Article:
What a difference a year can make for Comox’s Gabriel Callicum.
Last year, the École Robb Road student was receiving daily chemotherapy along with visits to St. Joseph’s General Hospital in Comox and BC Children’s Hospital in Vancouver to fight acute lymphoblastic leukemia, the most common type of childhood cancer.
One year ago, Callicum smiled in front of his schoolmates as he proudly stood with Tour de Rock riders as they visited his school.
This year, he got to celebrate with a ride to his school in a police cruiser, celebrating being cancer-free.
“He’s doing great; he finished chemotherapy May 18,” said his mom, Jeannine Lindsay. “It’s absolutely amazing how much he’s changed and the effect that chemotherapy has had on his body and spirit.”
Callicum was diagnosed with cancer when he was two-and-a-half years old, and spent the next eight months of his life in hospital in Vancouver, followed by multiple surgeries and rounds of chemotherapy.
He then spent four months in isolation at home in Comox due to a compromised immune system.
“He now has bloodwork done every month, and just in August, he had an operation to have the port in his chest removed,” Lindsay added.
“He received a trophy and award of bravery from his oncologist.”
Lindsay noted on his first day of school, Gabriel was proud to show off his scar to his classmates.
“It’s his signifier he’s done treatment.”
Callicum is also a junior rider in this year’s Canadian Cancer Society Cops For Cancer Tour de Rock. It is one of the reasons why the team is logging 1,000 km from the north end of the Island to the south, raising money to fight childhood cancer.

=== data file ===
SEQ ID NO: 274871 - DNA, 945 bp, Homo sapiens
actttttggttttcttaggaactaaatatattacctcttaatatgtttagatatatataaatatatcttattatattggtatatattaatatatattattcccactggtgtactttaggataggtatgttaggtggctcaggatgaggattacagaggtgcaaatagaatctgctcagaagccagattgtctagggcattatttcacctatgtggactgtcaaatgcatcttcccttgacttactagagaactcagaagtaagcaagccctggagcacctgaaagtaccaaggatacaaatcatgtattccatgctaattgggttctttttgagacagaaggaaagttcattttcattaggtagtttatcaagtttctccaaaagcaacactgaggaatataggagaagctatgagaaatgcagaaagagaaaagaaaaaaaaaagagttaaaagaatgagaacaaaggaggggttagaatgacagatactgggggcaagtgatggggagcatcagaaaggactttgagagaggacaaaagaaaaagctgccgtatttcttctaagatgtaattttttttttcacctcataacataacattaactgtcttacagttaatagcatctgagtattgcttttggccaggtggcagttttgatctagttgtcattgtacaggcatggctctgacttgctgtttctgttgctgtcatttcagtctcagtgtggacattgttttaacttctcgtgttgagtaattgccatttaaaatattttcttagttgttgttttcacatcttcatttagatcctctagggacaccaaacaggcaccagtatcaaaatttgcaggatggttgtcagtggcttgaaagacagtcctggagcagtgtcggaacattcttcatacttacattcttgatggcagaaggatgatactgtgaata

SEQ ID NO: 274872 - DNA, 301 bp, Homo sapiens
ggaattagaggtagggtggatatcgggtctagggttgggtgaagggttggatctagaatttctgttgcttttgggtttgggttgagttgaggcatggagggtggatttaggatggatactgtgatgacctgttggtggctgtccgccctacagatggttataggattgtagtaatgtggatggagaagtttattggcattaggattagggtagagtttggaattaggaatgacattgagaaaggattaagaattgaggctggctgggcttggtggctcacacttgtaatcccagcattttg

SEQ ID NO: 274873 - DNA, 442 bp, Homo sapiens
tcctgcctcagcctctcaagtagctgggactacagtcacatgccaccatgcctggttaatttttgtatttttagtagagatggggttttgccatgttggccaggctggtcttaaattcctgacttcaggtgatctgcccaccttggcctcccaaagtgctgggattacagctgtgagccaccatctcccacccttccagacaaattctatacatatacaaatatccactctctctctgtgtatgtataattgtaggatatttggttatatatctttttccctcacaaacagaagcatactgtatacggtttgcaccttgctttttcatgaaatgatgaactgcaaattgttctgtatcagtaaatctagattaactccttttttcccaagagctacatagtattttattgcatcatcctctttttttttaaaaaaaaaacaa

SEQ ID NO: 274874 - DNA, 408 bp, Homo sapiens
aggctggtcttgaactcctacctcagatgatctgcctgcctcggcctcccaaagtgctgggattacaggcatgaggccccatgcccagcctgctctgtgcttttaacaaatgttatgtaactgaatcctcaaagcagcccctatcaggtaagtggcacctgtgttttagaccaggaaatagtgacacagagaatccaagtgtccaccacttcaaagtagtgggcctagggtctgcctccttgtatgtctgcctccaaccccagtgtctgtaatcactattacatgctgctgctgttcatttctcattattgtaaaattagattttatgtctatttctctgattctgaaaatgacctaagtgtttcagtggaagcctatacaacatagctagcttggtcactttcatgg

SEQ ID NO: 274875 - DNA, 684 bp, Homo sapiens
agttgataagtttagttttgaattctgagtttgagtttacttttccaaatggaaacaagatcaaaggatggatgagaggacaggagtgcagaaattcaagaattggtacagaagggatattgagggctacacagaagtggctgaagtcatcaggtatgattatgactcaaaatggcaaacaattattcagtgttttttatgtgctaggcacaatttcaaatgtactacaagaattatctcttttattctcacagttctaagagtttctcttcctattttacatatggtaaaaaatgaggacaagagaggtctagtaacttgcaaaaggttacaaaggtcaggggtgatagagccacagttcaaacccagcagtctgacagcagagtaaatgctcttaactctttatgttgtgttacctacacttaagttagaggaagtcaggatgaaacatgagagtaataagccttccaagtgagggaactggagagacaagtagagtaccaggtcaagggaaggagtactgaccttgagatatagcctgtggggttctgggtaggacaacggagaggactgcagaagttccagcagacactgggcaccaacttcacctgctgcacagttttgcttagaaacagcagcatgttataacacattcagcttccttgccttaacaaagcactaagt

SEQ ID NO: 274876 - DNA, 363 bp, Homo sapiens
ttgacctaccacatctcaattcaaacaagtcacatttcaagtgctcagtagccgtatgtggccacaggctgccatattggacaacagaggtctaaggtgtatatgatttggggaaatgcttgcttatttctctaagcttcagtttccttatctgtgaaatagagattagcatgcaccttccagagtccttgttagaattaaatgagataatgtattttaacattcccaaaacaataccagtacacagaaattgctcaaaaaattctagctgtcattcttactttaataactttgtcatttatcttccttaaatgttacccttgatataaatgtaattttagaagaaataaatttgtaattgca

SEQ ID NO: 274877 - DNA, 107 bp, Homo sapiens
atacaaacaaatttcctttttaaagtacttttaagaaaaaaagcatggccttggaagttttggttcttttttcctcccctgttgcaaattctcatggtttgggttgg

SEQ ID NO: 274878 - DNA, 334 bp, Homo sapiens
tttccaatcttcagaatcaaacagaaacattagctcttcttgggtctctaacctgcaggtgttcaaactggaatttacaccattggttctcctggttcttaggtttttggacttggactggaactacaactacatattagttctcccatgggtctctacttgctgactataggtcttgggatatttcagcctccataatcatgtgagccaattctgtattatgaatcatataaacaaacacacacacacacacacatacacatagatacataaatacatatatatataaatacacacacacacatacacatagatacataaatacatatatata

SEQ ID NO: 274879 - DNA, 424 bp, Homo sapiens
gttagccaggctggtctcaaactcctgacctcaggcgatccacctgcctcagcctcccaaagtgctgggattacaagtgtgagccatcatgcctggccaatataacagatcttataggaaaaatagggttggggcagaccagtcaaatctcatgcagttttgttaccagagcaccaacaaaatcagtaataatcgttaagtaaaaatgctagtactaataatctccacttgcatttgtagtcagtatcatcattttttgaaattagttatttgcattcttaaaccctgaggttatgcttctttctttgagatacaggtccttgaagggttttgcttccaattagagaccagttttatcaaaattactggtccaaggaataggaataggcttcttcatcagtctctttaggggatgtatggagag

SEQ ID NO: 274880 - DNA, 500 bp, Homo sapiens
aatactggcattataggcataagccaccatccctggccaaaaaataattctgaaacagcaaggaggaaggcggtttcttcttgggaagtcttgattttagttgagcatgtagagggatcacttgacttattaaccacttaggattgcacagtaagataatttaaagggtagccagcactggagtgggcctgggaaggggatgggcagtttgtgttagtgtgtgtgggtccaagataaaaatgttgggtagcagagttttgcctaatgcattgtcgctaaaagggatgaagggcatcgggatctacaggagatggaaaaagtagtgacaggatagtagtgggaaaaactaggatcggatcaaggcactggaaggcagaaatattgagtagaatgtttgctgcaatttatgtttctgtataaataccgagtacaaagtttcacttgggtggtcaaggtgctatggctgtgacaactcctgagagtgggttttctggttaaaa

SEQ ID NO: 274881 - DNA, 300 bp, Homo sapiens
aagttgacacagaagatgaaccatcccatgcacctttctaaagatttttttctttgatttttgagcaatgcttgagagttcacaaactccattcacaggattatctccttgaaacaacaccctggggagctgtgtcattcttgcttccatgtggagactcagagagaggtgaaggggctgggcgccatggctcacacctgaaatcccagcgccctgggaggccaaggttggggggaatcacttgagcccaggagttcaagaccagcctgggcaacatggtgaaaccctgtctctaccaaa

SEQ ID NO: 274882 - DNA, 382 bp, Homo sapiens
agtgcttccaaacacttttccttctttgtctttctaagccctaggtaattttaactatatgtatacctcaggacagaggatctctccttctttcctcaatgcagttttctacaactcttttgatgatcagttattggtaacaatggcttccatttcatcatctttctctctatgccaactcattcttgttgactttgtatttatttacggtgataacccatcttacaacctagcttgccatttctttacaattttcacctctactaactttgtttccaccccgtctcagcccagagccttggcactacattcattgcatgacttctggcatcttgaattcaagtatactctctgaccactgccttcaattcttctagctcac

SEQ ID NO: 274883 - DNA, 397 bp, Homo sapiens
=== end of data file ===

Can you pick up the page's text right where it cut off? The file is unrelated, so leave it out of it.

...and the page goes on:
Since its inception, the Tour has raised nearly $18 million to fund pediatric cancer research and programs, and offers an opportunity for kids and their family to attend Camp Goodtimes — a recreational program in Maple Ridge at no cost to families and participants for children and teens with cancer.
Lindsay said this year’s visit to the camp was much different then their first visit last year.
“We went in mid-July and this year was nice; he was done treatment and he got to really enjoy himself,” she explained.
While at camp, Lindsay added it provided her and Gabriel an opportunity to meet other families just starting or just finishing treatment.
“There were two families who we were familiar with, but there was mostly new faces. We actually met another family from the Valley who has a daughter going through treatment. Since then, we’ve met up and had play dates at the waterpark.”
Lindsay said rather than travelling to Vancouver to see his doctor, she and Gabriel stay on the Island and go to Victoria, with close monitoring for the next four years. She added he will be in close contact with his doctor until he is 18.
For more information or to donate to Tour de Rock, visit www.tourderock.ca.